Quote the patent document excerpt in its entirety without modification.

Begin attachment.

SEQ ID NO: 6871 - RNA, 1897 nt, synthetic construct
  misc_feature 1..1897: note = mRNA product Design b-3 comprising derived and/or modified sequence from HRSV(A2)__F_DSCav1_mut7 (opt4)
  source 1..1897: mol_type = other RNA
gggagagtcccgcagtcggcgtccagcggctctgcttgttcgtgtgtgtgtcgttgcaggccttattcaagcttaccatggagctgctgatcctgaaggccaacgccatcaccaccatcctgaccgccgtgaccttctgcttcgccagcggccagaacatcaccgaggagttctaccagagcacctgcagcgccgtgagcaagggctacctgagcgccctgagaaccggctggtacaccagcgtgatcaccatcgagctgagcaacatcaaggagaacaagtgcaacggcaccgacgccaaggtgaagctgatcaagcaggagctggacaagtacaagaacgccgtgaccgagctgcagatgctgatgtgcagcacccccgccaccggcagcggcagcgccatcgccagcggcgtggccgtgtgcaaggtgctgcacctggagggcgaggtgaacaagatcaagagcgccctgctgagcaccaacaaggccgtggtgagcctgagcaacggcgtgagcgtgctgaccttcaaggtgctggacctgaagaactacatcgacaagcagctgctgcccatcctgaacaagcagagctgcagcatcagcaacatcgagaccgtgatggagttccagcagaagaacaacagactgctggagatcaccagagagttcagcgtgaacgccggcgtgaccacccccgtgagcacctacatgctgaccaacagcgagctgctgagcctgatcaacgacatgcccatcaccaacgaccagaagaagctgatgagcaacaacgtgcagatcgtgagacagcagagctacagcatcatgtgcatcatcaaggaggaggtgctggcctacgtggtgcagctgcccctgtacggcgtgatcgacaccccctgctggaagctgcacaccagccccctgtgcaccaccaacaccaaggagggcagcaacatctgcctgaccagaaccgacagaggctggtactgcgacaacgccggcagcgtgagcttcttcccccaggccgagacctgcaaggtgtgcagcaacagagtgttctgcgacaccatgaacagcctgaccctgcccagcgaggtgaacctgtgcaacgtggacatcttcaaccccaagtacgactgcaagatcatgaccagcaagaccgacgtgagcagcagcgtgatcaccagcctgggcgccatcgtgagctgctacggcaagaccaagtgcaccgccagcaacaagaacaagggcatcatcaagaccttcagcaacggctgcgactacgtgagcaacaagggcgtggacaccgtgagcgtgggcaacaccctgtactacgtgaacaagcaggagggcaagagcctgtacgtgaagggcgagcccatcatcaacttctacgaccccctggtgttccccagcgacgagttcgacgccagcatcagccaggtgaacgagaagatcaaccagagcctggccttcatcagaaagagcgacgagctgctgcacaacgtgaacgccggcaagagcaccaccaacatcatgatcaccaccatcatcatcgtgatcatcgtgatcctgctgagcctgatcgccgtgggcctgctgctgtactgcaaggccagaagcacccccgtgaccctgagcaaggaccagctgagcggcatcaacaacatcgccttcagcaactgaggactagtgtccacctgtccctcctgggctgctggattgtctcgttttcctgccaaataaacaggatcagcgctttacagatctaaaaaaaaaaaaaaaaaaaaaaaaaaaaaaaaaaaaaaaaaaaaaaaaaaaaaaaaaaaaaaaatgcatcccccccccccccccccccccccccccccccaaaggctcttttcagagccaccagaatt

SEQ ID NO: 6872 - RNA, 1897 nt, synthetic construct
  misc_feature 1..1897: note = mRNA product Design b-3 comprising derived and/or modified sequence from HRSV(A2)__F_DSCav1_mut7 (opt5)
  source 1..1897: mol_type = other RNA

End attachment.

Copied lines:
SEQ ID NO: 6871 - RNA, 1897 nt, synthetic construct
  misc_feature 1..1897: note = mRNA product Design b-3 comprising derived and/or modified sequence from HRSV(A2)__F_DSCav1_mut7 (opt4)
  source 1..1897: mol_type = other RNA
gggagagtcccgcagtcggcgtccagcggctctgcttgttcgtgtgtgtgtcgttgcaggccttattcaagcttaccatggagctgctgatcctgaaggccaacgccatcaccaccatcctgaccgccgtgaccttctgcttcgccagcggccagaacatcaccgaggagttctaccagagcacctgcagcgccgtgagcaagggctacctgagcgccctgagaaccggctggtacaccagcgtgatcaccatcgagctgagcaacatcaaggagaacaagtgcaacggcaccgacgccaaggtgaagctgatcaagcaggagctggacaagtacaagaacgccgtgaccgagctgcagatgctgatgtgcagcacccccgccaccggcagcggcagcgccatcgccagcggcgtggccgtgtgcaaggtgctgcacctggagggcgaggtgaacaagatcaagagcgccctgctgagcaccaacaaggccgtggtgagcctgagcaacggcgtgagcgtgctgaccttcaaggtgctggacctgaagaactacatcgacaagcagctgctgcccatcctgaacaagcagagctgcagcatcagcaacatcgagaccgtgatggagttccagcagaagaacaacagactgctggagatcaccagagagttcagcgtgaacgccggcgtgaccacccccgtgagcacctacatgctgaccaacagcgagctgctgagcctgatcaacgacatgcccatcaccaacgaccagaagaagctgatgagcaacaacgtgcagatcgtgagacagcagagctacagcatcatgtgcatcatcaaggaggaggtgctggcctacgtggtgcagctgcccctgtacggcgtgatcgacaccccctgctggaagctgcacaccagccccctgtgcaccaccaacaccaaggagggcagcaacatctgcctgaccagaaccgacagaggctggtactgcgacaacgccggcagcgtgagcttcttcccccaggccgagacctgcaaggtgtgcagcaacagagtgttctgcgacaccatgaacagcctgaccctgcccagcgaggtgaacctgtgcaacgtggacatcttcaaccccaagtacgactgcaagatcatgaccagcaagaccgacgtgagcagcagcgtgatcaccagcctgggcgccatcgtgagctgctacggcaagaccaagtgcaccgccagcaacaagaacaagggcatcatcaagaccttcagcaacggctgcgactacgtgagcaacaagggcgtggacaccgtgagcgtgggcaacaccctgtactacgtgaacaagcaggagggcaagagcctgtacgtgaagggcgagcccatcatcaacttctacgaccccctggtgttccccagcgacgagttcgacgccagcatcagccaggtgaacgagaagatcaaccagagcctggccttcatcagaaagagcgacgagctgctgcacaacgtgaacgccggcaagagcaccaccaacatcatgatcaccaccatcatcatcgtgatcatcgtgatcctgctgagcctgatcgccgtgggcctgctgctgtactgcaaggccagaagcacccccgtgaccctgagcaaggaccagctgagcggcatcaacaacatcgccttcagcaactgaggactagtgtccacctgtccctcctgggctgctggattgtctcgttttcctgccaaataaacaggatcagcgctttacagatctaaaaaaaaaaaaaaaaaaaaaaaaaaaaaaaaaaaaaaaaaaaaaaaaaaaaaaaaaaaaaaaatgcatcccccccccccccccccccccccccccccccaaaggctcttttcagagccaccagaatt

SEQ ID NO: 6872 - RNA, 1897 nt, synthetic construct
  misc_feature 1..1897: note = mRNA product Design b-3 comprising derived and/or modified sequence from HRSV(A2)__F_DSCav1_mut7 (opt5)
  source 1..1897: mol_type = other RNA